Diversity and Religious Freedom in the American Military

Rev. Joan M. Sabatino, minister of The First Unitarian Universalist Church (First UU) of Indiana, located at 285 Twolick Drive, invited Dr. Michelle Sandhoff to be guest speaker for the congregation to honor of all military troops past and present. Dr. Sandhoff is an assistant professor of sociology at IUP, where she is a member of the Veterans’ Reintegration Research Cluster. She shared the stories of a few of the service members and veterans who were interviewed for her upcoming September book release, Service in a Time of Suspicion in the U. S. Military Post-9/11. These service military described how their service and faith combine to demonstrate the importance of diversity and religious freedom in the American military.

On September 11, 2001, nineteen members of the Islamist extremist organization al-Quaeda launched four coordinated attacks on the United States, killing 2,977 people. These events and the government’s subsequent “War on Terror” refueled long-standing negative stereotypes about Muslims and Islam among many Americans. And yet thousands of practicing Muslims continued to serve or chose to enlist in the U. S. military during these years.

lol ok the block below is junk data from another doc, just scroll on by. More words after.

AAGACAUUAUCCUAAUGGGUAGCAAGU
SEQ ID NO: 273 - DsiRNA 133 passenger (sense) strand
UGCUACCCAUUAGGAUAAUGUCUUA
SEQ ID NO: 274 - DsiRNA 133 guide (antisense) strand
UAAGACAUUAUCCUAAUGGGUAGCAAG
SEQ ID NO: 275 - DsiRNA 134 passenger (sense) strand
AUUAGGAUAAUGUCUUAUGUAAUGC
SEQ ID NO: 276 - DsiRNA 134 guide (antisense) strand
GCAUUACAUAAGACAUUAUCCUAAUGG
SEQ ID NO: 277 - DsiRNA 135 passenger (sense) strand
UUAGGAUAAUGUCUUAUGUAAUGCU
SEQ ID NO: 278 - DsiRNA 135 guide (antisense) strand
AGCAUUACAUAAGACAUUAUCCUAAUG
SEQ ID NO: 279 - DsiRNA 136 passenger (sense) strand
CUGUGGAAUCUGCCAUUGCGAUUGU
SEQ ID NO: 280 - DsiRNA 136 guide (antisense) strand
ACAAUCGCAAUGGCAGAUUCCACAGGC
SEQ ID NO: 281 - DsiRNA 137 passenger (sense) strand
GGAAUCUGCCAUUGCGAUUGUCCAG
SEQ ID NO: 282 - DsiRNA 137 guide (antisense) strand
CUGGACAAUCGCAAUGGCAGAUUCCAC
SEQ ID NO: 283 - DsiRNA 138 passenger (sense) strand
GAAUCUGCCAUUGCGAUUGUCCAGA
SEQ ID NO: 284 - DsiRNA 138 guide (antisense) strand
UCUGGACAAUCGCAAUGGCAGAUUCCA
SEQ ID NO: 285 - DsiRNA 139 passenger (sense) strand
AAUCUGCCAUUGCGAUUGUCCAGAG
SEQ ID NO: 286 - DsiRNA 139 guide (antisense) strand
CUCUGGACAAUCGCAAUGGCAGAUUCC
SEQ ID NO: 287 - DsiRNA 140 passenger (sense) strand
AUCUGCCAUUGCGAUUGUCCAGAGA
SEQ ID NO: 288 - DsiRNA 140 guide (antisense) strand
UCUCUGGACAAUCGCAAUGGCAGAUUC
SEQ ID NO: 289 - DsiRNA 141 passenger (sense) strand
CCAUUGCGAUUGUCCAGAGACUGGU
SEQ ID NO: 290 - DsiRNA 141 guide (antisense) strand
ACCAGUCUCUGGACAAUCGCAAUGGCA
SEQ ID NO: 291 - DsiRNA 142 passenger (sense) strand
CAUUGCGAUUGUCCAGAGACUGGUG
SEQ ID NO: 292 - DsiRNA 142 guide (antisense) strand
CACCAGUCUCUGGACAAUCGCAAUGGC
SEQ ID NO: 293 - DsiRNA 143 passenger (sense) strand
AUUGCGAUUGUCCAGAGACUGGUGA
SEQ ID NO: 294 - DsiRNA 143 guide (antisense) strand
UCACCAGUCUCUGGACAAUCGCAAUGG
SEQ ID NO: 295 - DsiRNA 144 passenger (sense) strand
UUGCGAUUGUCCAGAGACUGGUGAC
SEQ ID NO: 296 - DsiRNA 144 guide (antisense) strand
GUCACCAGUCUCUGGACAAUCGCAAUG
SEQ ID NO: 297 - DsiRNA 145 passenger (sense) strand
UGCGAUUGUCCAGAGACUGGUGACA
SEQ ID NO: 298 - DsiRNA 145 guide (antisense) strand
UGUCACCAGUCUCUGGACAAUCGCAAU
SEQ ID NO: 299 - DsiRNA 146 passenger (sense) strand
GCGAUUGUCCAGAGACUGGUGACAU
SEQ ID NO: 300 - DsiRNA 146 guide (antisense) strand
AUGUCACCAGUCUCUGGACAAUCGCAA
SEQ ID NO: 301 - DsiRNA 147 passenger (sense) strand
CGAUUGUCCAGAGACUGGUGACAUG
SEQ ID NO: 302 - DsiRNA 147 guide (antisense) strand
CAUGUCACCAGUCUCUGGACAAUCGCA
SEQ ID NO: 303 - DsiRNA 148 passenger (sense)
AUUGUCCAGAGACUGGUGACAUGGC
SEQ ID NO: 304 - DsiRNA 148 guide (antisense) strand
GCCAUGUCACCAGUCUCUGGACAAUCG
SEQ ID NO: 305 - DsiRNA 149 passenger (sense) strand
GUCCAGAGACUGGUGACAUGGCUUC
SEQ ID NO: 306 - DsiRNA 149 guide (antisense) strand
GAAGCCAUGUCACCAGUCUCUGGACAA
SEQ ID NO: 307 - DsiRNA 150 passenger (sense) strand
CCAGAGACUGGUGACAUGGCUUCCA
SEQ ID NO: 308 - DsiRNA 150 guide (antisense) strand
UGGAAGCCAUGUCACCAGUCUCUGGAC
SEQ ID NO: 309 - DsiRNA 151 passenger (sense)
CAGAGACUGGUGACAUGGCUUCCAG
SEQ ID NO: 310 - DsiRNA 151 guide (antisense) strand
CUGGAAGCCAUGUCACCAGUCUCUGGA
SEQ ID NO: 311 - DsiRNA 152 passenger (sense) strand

In Service in a Time of Suspicion, fifteen such service members talk about what it means to be Muslim, American, and a uniformed member of the armed services in the twenty-first century. These honest accounts remind us of our shared humanity. Her book connects directly with the first of the Seven Principles of the Unitarian Universalist Association, and the members of First UU who covenant to affirm and promote: The inherent worth and dignity of every person.

Shown are Dr. Michelle Sandhoff, IUP Sociology Professor, with Rev. Joan M. Sabatino, First UU minister.

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